And just like that, another Death Row Exoneree comes our way. Enter Glenn Ford. His case has all the earmarks that we have become accustomed to in these situations. He has been on death row for about 30 years. He hasn't seen sunlight for the last seven. He was convicted and sentenced to death by a jury of his peers (you know, 12 white people). His trial lawyers were extremely inexperienced. It all comes down to the same thing. Again, his case is unique in its own way however. He was the longest serving death row prisoner to be exonerated.
The Case Against
Glenn Ford was originally brought to the attention of police in the murder of Isadore Rozeman, for whom Ford did occasional yard work, because he had been seen in the area near the scene of the murder that day. He told the police that a man named 'OB' had given him some jewelry to pawn and this put him in the detective's sights. He suggested one possible suspect for the crime as Jake Robinson and said he thought that 'OB' might be Robinson's brother. He was not charged however until three months later when he was charged along with the Robinson's after Jake's girlfriend implicated all three to the police, adding that Ford was in possession of a firearm on the day of the murder.
The expert testimony against Glenn consisted of the parish coroner who had NOT examined the body personally, but managed to testify under oath as to the time of death and that the shooter was left-handed; an expert who claimed to have found particles "unique to or charactertistic of" gunshot residue on Ford's hands; and a police officer NOT certified as a fingerprint expert who concluded a 'whorl' pattern on Ford's fingerprints matched a single print lifted from a bag at the crime scene
No murder weapon. No eyewitnesses. Primary witness against Ford was at best 'unreliable'.
The (Kangaroo Court) Trial
To lead the charge, Glenn's trial lawyers were horribly inexperienced, and thus, completely ineffective. His lead attorney specialized in oil and gas and had tried neither a criminal nor civil case before a jury before. The second attorney, even less capable of helping someone facing the death penalty, was two years out of law school and working slip-and-fall cases for an insurance defense firm prior to this. Both lawyers were selected alphabetically by the local bar association.
The prosecution's primary attack was the girlfriend, Brown, who ON THE STAND admitted that the police had helped her concoct her story, and that she had made it up. This was the story that led to Ford's arrest. They then relied on their 'expert' witnesses, whose testimony might have easily been refuted had the defense even tried to bring some expert witnesses of their own. But the defense lawyers were so inexperienced they didn't even know the protocol for issuing a subpoena out of state.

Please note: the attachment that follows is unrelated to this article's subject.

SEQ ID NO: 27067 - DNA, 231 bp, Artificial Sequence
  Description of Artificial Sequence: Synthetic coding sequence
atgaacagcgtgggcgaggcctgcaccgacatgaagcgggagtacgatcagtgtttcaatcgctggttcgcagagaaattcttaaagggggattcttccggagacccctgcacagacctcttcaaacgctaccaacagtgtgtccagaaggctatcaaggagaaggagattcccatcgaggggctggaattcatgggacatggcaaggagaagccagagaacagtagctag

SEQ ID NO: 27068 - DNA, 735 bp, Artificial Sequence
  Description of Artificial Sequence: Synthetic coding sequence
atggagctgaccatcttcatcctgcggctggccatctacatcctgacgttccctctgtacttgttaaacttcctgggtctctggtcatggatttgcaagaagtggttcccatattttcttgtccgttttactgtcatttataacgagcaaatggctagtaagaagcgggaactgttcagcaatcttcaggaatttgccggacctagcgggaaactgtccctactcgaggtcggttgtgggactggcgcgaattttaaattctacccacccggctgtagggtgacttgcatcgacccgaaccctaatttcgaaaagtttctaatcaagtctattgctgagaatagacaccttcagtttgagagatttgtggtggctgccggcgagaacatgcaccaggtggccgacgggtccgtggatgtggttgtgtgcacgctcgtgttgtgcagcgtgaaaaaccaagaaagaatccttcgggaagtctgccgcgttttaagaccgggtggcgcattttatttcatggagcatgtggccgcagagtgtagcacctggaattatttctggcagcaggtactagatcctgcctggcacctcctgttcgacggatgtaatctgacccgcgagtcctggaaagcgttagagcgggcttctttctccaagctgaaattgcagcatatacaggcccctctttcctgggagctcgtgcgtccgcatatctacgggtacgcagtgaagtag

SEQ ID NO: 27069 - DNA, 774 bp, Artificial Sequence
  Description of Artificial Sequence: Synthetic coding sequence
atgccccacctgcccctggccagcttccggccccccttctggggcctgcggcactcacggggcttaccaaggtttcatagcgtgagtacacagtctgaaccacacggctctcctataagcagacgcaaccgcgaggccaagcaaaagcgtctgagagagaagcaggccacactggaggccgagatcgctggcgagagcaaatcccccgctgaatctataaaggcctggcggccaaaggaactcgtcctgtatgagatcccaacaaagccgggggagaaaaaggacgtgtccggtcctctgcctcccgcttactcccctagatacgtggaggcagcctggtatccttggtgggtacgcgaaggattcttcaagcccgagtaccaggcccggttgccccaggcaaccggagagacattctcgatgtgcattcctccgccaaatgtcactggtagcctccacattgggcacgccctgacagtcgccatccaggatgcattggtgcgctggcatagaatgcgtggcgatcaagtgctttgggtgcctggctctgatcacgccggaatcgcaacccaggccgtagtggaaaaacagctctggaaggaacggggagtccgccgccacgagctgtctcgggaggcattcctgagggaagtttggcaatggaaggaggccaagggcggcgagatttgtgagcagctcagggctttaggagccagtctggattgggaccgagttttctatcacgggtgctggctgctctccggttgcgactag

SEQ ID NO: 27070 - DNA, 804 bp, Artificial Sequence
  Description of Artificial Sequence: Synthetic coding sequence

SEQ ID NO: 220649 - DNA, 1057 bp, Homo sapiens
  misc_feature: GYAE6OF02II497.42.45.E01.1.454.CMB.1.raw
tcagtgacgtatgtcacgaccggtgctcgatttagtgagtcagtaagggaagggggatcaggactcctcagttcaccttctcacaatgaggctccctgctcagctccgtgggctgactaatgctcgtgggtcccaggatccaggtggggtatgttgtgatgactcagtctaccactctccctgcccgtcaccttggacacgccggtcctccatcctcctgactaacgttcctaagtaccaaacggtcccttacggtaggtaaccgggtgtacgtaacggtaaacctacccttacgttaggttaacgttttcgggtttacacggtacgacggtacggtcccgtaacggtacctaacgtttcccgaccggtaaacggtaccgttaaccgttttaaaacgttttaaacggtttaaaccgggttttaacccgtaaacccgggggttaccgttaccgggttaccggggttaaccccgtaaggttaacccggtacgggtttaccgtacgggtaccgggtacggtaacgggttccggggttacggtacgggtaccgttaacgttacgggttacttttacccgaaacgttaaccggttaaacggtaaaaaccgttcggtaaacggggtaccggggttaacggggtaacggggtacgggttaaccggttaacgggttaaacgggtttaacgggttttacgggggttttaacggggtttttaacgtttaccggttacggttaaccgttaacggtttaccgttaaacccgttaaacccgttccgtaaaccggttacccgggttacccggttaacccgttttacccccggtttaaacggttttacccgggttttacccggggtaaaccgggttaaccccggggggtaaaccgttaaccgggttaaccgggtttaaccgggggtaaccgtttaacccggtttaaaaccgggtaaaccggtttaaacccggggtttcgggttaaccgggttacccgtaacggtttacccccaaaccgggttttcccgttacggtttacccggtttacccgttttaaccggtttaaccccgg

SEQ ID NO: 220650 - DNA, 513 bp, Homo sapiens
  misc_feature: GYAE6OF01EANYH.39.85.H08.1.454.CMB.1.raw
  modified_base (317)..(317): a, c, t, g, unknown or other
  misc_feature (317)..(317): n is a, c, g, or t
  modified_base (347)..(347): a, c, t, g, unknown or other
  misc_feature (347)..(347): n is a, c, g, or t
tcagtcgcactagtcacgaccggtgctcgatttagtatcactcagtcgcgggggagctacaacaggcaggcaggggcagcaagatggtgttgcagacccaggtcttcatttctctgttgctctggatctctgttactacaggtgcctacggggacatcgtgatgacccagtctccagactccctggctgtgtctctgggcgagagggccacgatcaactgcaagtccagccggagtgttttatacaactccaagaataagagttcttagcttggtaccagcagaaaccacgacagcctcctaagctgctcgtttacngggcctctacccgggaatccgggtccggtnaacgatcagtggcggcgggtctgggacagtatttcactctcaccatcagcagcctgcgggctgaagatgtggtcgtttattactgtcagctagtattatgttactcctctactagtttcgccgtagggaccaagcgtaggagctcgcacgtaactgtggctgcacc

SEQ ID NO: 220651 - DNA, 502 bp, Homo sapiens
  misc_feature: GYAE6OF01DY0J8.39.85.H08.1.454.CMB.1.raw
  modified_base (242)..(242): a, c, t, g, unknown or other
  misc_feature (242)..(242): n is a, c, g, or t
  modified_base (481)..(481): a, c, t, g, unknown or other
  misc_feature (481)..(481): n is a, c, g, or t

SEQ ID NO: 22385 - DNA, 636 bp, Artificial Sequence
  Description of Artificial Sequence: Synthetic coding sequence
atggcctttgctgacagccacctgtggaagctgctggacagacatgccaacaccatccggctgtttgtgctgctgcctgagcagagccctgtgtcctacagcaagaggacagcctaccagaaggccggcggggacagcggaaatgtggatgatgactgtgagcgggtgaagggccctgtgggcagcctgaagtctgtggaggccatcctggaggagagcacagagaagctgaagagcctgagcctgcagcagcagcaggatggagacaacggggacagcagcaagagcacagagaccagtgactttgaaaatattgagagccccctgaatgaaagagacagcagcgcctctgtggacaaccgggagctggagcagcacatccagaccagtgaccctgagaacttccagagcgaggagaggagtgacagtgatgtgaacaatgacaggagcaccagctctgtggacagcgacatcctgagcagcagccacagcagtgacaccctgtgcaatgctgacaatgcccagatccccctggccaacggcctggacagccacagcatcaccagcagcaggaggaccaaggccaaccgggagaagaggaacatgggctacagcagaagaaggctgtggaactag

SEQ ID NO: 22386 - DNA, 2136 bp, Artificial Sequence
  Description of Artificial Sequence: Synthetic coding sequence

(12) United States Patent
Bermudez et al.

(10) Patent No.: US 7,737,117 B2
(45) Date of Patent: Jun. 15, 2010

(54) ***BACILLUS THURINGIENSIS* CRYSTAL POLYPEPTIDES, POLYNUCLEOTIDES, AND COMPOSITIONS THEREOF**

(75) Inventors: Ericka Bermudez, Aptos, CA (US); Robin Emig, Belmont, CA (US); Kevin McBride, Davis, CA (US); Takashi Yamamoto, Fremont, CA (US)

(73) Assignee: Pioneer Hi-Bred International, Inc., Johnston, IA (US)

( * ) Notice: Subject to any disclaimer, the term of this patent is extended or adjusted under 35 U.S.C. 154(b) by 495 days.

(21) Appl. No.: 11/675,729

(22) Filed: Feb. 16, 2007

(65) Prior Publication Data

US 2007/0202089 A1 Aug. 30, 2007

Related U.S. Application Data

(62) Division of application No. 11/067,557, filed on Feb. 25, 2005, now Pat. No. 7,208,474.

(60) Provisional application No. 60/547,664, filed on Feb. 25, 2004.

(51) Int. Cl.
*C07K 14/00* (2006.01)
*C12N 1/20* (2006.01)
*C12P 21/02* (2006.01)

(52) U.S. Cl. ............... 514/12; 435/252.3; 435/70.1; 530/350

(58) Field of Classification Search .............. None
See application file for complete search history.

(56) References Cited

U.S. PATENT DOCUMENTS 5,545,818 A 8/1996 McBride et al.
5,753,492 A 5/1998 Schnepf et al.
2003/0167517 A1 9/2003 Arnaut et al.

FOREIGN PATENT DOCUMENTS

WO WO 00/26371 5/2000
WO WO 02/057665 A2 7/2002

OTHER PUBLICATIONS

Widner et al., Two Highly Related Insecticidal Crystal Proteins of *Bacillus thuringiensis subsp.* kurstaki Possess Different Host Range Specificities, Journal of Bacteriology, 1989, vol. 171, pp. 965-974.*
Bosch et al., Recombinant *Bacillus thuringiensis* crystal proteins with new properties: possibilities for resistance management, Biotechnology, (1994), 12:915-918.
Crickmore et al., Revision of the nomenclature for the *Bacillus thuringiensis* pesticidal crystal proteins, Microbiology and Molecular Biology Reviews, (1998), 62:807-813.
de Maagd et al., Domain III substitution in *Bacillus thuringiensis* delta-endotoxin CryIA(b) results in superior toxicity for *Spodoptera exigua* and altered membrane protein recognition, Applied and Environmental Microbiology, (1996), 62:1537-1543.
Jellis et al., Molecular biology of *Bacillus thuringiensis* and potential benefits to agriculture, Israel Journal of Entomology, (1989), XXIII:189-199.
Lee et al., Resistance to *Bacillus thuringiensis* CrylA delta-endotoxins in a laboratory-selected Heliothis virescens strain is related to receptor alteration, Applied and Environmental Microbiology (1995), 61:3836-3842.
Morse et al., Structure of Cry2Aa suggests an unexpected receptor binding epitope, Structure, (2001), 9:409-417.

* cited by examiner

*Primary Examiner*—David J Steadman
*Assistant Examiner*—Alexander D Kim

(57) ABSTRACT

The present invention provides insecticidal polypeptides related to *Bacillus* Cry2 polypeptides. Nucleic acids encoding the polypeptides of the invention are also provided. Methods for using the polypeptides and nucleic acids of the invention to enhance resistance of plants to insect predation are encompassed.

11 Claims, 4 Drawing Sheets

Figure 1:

The (all white) jury convicted Glenn Ford in less than three hours.
As it is in most capital cases, the appellate history of the case is tortuous. All through the years, in both explicit and implicit ways, the Louisiana appellate courts expressed their unease with the results of Ford's trial. But no court, ever, reversed the conviction and sentence against him and ordered a new trial. This is so even though the first court to review the case, the Louisiana Supreme Court itself, concluded it had "serious questions" about the result. -Freedom After 30 Years on Death Row
Hindsight is 20/20
Ford's case had so many glaring inconsistencies and holes in the plot line that hearings were twice ordered to evaluate his claims of an unfair trial; once for his claims of race bias in jury selection, and once for his claims of ineffective assistance of counsel and prosecution's failure to disclose exculpatory evidence. In both cases (first the Louisiana courts and then the trial courts, respectively) the decisions backed up the prosecutors and gave no credit to Glenn's very legitimate claims.
It was this ruling, in October 2009, that perhaps best illustrates the farce this case was. Yes, a Louisiana judge conceded, Ford would have been benefited from having those California witnesses testify for him during the mitigation phase of his trial. Yes, he would have benefited had his lawyers hired their own experts. But none of this constituted "ineffective assistance." The Louisiana Supreme Court, in a two-word order, accepted this dreadful interpretation of law. - Freedom After 30 Years on Death Row
The Open Door
Court records show that in 2013 a confidential informant told prosecutors that Jake Robinson had admitted to shooting and killing Rozeman. Prosecutors then filed a motion to vacate Ford's conviction and sentence, citing 'credible information' that they had received in regards to the actual killer and the fact that Ford had no part in the murder on any level.
We can't even pretend to imagine what someone like Glenn Ford has been through. Thirty years in prison, facing the death penalty. You talk about against all odds. Glenn Ford has showed us that the truth does come out. Our prayers are with him as he re-enters society as a free man. Good luck, Glenn.
Sources and Links
Freedom After 30 Years on Death Row
Death Row Inmate Glenn Ford Released 30 Years After Wrongful Conviction
Prosecutors to Vacate Murder Conviction, Death Sentence of Glenn Ford
Article written by Mike Palmer
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